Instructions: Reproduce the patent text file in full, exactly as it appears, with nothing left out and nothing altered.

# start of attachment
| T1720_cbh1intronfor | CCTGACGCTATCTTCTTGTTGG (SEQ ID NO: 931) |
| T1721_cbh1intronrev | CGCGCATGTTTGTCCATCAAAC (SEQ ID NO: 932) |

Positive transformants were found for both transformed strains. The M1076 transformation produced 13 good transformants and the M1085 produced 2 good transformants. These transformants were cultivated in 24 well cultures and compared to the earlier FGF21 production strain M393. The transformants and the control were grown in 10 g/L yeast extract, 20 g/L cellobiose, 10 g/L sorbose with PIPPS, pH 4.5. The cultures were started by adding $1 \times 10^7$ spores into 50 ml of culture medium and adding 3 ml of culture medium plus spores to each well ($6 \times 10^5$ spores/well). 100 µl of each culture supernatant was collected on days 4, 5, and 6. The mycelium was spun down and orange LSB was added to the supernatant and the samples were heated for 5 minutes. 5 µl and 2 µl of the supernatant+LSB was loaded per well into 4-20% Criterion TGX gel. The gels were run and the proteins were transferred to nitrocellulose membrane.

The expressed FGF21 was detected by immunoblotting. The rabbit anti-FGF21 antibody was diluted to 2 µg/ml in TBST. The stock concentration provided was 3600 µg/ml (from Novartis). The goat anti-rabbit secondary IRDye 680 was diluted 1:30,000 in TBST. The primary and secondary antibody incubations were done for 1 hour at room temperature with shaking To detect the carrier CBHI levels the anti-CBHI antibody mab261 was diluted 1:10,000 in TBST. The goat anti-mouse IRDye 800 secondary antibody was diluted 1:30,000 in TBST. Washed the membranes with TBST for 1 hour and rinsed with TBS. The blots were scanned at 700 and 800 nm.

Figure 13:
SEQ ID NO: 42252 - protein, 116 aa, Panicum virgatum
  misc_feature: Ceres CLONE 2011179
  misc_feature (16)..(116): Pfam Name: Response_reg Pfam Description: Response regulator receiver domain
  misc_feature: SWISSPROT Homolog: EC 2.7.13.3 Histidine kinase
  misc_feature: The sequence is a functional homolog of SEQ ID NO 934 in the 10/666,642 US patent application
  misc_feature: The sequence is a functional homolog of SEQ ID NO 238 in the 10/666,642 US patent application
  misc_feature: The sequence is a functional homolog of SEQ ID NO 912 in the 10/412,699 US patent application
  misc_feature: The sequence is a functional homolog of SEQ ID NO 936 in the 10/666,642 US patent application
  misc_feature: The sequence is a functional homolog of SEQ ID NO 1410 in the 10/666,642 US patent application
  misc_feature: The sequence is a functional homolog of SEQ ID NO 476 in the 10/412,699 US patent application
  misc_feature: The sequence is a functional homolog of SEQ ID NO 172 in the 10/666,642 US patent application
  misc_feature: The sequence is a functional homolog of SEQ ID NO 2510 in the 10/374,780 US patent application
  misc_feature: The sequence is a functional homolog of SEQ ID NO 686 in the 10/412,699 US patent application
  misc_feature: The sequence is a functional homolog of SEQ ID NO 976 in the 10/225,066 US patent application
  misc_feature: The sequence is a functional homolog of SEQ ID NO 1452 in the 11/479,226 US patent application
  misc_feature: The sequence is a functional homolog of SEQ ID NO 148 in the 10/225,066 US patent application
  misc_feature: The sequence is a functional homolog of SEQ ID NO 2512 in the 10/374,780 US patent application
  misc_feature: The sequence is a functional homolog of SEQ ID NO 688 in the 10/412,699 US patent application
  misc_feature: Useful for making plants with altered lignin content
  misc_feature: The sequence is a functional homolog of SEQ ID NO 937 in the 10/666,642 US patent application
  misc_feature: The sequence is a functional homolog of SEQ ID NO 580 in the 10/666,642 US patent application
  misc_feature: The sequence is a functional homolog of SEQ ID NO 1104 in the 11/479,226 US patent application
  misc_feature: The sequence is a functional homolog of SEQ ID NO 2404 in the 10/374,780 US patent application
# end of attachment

| T1720_cbh1intronfor | CCTGACGCTATCTTCTTGTTGG (SEQ ID NO: 931) |
| T1721_cbh1intronrev | CGCGCATGTTTGTCCATCAAAC (SEQ ID NO: 932) |

Positive transformants were found for both transformed strains. The M1076 transformation produced 13 good transformants and the M1085 produced 2 good transformants. These transformants were cultivated in 24 well cultures and compared to the earlier FGF21 production strain M393. The transformants and the control were grown in 10 g/L yeast extract, 20 g/L cellobiose, 10 g/L sorbose with PIPPS, pH 4.5. The cultures were started by adding $1 \times 10^7$ spores into 50 ml of culture medium and adding 3 ml of culture medium plus spores to each well ($6 \times 10^5$ spores/well). 100 µl of each culture supernatant was collected on days 4, 5, and 6. The mycelium was spun down and orange LSB was added to the supernatant and the samples were heated for 5 minutes. 5 µl and 2 µl of the supernatant+LSB was loaded per well into 4-20% Criterion TGX gel. The gels were run and the proteins were transferred to nitrocellulose membrane.

The expressed FGF21 was detected by immunoblotting. The rabbit anti-FGF21 antibody was diluted to 2 µg/ml in TBST. The stock concentration provided was 3600 µg/ml (from Novartis). The goat anti-rabbit secondary IRDye 680 was diluted 1:30,000 in TBST. The primary and secondary antibody incubations were done for 1 hour at room temperature with shaking To detect the carrier CBHI levels the anti-CBHI antibody mab261 was diluted 1:10,000 in TBST. The goat anti-mouse IRDye 800 secondary antibody was diluted 1:30,000 in TBST. Washed the membranes with TBST for 1 hour and rinsed with TBS. The blots were scanned at 700 and 800 nm.

Figure 13:
SEQ ID NO: 42252 - protein, 116 aa, Panicum virgatum
  misc_feature: Ceres CLONE 2011179
  misc_feature (16)..(116): Pfam Name: Response_reg Pfam Description: Response regulator receiver domain
  misc_feature: SWISSPROT Homolog: EC 2.7.13.3 Histidine kinase
  misc_feature: The sequence is a functional homolog of SEQ ID NO 934 in the 10/666,642 US patent application
  misc_feature: The sequence is a functional homolog of SEQ ID NO 238 in the 10/666,642 US patent application
  misc_feature: The sequence is a functional homolog of SEQ ID NO 912 in the 10/412,699 US patent application
  misc_feature: The sequence is a functional homolog of SEQ ID NO 936 in the 10/666,642 US patent application
  misc_feature: The sequence is a functional homolog of SEQ ID NO 1410 in the 10/666,642 US patent application
  misc_feature: The sequence is a functional homolog of SEQ ID NO 476 in the 10/412,699 US patent application
  misc_feature: The sequence is a functional homolog of SEQ ID NO 172 in the 10/666,642 US patent application
  misc_feature: The sequence is a functional homolog of SEQ ID NO 2510 in the 10/374,780 US patent application
  misc_feature: The sequence is a functional homolog of SEQ ID NO 686 in the 10/412,699 US patent application
  misc_feature: The sequence is a functional homolog of SEQ ID NO 976 in the 10/225,066 US patent application
  misc_feature: The sequence is a functional homolog of SEQ ID NO 1452 in the 11/479,226 US patent application
  misc_feature: The sequence is a functional homolog of SEQ ID NO 148 in the 10/225,066 US patent application
  misc_feature: The sequence is a functional homolog of SEQ ID NO 2512 in the 10/374,780 US patent application
  misc_feature: The sequence is a functional homolog of SEQ ID NO 688 in the 10/412,699 US patent application
  misc_feature: Useful for making plants with altered lignin content
  misc_feature: The sequence is a functional homolog of SEQ ID NO 937 in the 10/666,642 US patent application
  misc_feature: The sequence is a functional homolog of SEQ ID NO 580 in the 10/666,642 US patent application
  misc_feature: The sequence is a functional homolog of SEQ ID NO 1104 in the 11/479,226 US patent application
  misc_feature: The sequence is a functional homolog of SEQ ID NO 2404 in the 10/374,780 US patent application